Clinical Notes : Ophthalmology

48. Red Eye

Patients with eye problems account for up to 5% of all general practice consultations (1,2) 

Red eye is a particularly common condition that is caused by inflammation or infection of the eye (2)


  • Common causes of a red eye include conjunctivitis (viral, bacterial, allergic or chemical), foreign body, corneal ulceration and subconjunctival haemorrhage.

  • Uncommon causes include iritis, scleritis, episcleritis and glaucoma.

  • A discharging non-red eye in infants is most likely due to nasolachrymal duct obstruction.


Eye examination in primary care

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Always document :

  • onset and duration of the symptoms

  • whether symptoms are unilateral or bilateral

  • changes in visual acuity

  • pain

  • foreign body sensation

  • discharge

  • photophobia

  • medication

  • history of

    • contact lens use

    • trauma

    • chemical exposure

  • Any relevant past medical history

    • hypertension

    • inflammatory bowel disease

    • connective tissue disorders ​


Red flags

NICE recommends urgent same-day assessment by an ophthalmologist or emergency referral for the following features, which may indicate serious underlying pathology for red eye presentation: (3)

  • reduced vision

  • deep pain in the eye or tenderness of the globe on palpation

  • contact lens use

  • high-velocity injury

  • chemical eye injury

  • fluorescein staining of the eye

  • photophobia

  • corneal foreign body

  • distorted pupil

  • neonatal conjunctivitis



Inflammation of the cornea — the clear, dome-shaped tissue on the front of your eye that covers the pupil and iris. Keratitis is sometimes caused by an infection involving bacteria, viruses, fungi or parasite


Acute Angle-Closure Glaucoma

Unlike POAG (Primary Open-Angle Glaucoma), where the IOP (Intra-Ocular Pressure) increases slowly, in AACG (Acute Angle-Closure Glaucoma), it increases suddenly.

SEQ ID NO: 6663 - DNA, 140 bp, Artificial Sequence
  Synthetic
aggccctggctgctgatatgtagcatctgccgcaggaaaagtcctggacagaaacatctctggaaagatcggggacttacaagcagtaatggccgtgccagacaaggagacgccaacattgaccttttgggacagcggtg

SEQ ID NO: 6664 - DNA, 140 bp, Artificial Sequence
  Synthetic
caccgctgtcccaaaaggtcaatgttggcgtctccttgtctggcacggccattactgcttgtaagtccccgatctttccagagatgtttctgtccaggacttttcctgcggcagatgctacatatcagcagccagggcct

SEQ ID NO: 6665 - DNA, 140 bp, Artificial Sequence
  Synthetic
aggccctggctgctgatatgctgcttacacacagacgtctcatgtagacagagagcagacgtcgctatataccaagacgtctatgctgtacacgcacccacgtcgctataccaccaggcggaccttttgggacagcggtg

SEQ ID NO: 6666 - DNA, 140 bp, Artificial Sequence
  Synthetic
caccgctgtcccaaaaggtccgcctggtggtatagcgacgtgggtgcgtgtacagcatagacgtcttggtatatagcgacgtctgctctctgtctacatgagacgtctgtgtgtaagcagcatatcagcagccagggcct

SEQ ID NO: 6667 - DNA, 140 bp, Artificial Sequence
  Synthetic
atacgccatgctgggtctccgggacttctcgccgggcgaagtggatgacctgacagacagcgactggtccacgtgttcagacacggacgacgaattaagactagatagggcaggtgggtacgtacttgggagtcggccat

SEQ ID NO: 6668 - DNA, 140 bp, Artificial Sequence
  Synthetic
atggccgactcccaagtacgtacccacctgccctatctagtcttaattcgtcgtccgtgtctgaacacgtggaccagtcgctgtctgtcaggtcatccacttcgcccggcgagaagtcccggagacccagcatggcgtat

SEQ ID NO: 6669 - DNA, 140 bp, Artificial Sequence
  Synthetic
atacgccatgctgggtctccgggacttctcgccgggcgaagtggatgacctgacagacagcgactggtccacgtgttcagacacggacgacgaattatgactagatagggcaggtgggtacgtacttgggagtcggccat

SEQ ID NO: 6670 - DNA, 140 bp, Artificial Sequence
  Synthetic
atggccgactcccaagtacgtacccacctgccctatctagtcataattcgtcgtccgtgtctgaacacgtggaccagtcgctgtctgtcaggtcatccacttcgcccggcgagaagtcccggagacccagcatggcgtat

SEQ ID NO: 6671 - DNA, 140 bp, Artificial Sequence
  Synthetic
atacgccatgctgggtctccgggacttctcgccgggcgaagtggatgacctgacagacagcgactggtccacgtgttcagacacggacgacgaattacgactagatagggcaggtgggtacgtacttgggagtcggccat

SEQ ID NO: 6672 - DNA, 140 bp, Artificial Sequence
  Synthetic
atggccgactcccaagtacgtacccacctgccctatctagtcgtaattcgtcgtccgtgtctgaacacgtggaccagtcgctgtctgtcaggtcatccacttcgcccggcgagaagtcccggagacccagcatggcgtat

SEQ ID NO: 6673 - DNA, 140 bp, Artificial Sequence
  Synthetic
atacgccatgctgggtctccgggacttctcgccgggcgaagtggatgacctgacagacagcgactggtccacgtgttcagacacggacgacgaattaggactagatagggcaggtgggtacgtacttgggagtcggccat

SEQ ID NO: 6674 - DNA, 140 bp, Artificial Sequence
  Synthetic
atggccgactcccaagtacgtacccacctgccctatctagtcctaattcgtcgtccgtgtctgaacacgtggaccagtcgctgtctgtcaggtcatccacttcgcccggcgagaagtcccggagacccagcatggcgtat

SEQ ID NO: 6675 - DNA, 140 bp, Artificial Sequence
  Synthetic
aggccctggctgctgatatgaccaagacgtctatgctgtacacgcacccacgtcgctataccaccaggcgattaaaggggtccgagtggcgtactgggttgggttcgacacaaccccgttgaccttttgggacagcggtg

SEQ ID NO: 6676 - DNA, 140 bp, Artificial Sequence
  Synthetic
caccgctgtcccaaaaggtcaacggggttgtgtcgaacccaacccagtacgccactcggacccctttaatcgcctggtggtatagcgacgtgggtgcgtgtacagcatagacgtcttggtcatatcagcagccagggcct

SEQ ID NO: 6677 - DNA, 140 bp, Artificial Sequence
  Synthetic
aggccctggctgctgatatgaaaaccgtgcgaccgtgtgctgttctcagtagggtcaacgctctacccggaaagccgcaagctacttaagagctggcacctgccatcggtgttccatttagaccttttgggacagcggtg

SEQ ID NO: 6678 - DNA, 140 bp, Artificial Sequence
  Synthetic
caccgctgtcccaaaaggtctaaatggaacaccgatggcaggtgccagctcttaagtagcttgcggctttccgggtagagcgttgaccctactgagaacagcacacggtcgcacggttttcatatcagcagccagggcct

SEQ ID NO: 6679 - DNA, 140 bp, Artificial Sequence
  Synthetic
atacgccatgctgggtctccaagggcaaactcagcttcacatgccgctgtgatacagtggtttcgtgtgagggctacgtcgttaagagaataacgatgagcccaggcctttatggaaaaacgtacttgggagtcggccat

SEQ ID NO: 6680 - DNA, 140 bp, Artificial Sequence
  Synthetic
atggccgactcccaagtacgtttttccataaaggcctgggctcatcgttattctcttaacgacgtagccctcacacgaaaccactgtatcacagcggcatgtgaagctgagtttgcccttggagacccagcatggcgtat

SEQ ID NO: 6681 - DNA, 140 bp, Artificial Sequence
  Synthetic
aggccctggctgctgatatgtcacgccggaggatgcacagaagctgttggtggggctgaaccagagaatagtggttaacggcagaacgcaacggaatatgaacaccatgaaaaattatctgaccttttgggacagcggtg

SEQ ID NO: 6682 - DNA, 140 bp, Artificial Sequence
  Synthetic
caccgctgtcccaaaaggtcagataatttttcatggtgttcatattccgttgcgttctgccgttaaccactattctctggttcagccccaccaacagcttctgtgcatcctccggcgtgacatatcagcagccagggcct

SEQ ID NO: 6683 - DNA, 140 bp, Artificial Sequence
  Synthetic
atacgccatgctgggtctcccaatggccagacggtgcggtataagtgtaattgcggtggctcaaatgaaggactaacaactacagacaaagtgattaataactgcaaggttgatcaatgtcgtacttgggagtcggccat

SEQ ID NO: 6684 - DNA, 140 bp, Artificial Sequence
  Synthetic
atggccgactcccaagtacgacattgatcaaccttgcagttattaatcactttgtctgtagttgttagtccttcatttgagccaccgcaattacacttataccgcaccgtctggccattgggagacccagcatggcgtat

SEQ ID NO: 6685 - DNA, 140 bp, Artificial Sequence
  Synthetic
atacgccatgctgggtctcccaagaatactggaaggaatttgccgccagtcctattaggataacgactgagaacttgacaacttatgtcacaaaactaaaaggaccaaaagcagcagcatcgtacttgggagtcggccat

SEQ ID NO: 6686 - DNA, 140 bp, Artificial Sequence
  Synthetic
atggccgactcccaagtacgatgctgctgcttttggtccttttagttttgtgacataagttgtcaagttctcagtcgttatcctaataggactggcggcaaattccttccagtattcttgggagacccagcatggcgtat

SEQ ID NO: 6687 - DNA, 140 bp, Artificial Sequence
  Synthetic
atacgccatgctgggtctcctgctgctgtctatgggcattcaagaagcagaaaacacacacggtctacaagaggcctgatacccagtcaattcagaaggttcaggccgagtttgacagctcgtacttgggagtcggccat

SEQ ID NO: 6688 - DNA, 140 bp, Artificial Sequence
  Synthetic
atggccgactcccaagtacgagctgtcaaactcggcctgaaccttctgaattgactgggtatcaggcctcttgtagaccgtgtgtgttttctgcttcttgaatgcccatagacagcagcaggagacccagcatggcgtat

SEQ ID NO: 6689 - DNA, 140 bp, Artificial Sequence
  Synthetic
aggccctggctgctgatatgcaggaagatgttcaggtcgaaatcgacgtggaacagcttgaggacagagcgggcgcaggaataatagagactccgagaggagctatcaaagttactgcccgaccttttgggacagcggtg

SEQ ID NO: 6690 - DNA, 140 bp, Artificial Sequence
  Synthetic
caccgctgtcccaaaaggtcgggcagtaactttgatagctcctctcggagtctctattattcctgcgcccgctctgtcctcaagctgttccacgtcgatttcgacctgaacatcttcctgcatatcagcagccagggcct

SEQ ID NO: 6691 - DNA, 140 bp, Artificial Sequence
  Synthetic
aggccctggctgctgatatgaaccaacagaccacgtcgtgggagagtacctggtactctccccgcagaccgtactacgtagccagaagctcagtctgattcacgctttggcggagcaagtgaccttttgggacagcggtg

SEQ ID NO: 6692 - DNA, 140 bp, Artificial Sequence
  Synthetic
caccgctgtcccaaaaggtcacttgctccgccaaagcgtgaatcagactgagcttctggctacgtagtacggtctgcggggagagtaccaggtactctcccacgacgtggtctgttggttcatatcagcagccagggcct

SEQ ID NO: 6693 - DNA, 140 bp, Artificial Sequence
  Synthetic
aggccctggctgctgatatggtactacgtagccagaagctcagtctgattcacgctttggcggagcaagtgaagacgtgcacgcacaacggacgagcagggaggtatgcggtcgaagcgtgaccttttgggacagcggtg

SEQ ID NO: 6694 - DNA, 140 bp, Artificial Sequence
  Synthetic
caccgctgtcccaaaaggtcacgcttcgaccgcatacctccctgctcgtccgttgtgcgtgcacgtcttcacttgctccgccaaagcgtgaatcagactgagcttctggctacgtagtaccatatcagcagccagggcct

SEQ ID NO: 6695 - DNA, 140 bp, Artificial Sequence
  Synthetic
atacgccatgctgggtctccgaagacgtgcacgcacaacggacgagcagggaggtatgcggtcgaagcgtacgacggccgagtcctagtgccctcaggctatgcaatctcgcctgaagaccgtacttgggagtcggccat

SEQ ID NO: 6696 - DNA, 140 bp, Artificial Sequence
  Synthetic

This sudden rise in pressure can occur within a matter of hours and become very painful. If the pressure rises high enough, the pain may become so intense that it can cause nausea and vomiting.
The eye becomes red, the cornea swells and clouds, and the patient may see haloes around lights and experience blurred vision.



Uveitis is the inflammation of the uvea.

The uvea consists of the middle layer of pigmented vascular structures of the eye and includes the iris, ciliary body, and choroid.

Possible causes of uveitis are infection, injury, or an autoimmune or inflammatory disease. Many times a cause can't be identified.



Scleritis is a chronic, painful, and potentially blinding inflammatory disease that is characterized by edema and cellular infiltration of the scleral and episcleral tissues (outermost coat of the eye). Scleritis may be isolated to the eye, but is commonly associated with systemic autoimmune disorders, including rheumatoid arthritis, systemic lupus erythematosus, relapsing polychondritis, spondyloarthropathies, Wegener granulomatosis, polyarteritis nodosa, and giant cell arteritis.

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1.  Kilduff C, Lois C.

Red eyes and red-flags: improving ophthalmic assessment and referral in primary care.

BMJ Quality Improvement Reports 2016; 5: u211608.w4680.


2.  Cronau H, Kankanala R, Mauger T.

Diagnosis and management of red eye in primary care.

Am Fam Physician 2010: 81 (2): 137–144.


3.  NICE. Red eye.

NICE Clinical Knowledge Summary.

NICE, 2016. 


4.  Smith J, Severn P, Clarke L.

BMJ best practice—assessment of red eye.

BMJ, 2018. 


5.  Chong N, Murray P.

en torch test in patients with unilateral red eye.

Br J Gen Pract 1993; 43 (371): 259.


6.  Acute Red Eye

The Royal Children's Hospital Melbourne

Online : accessed May 2017


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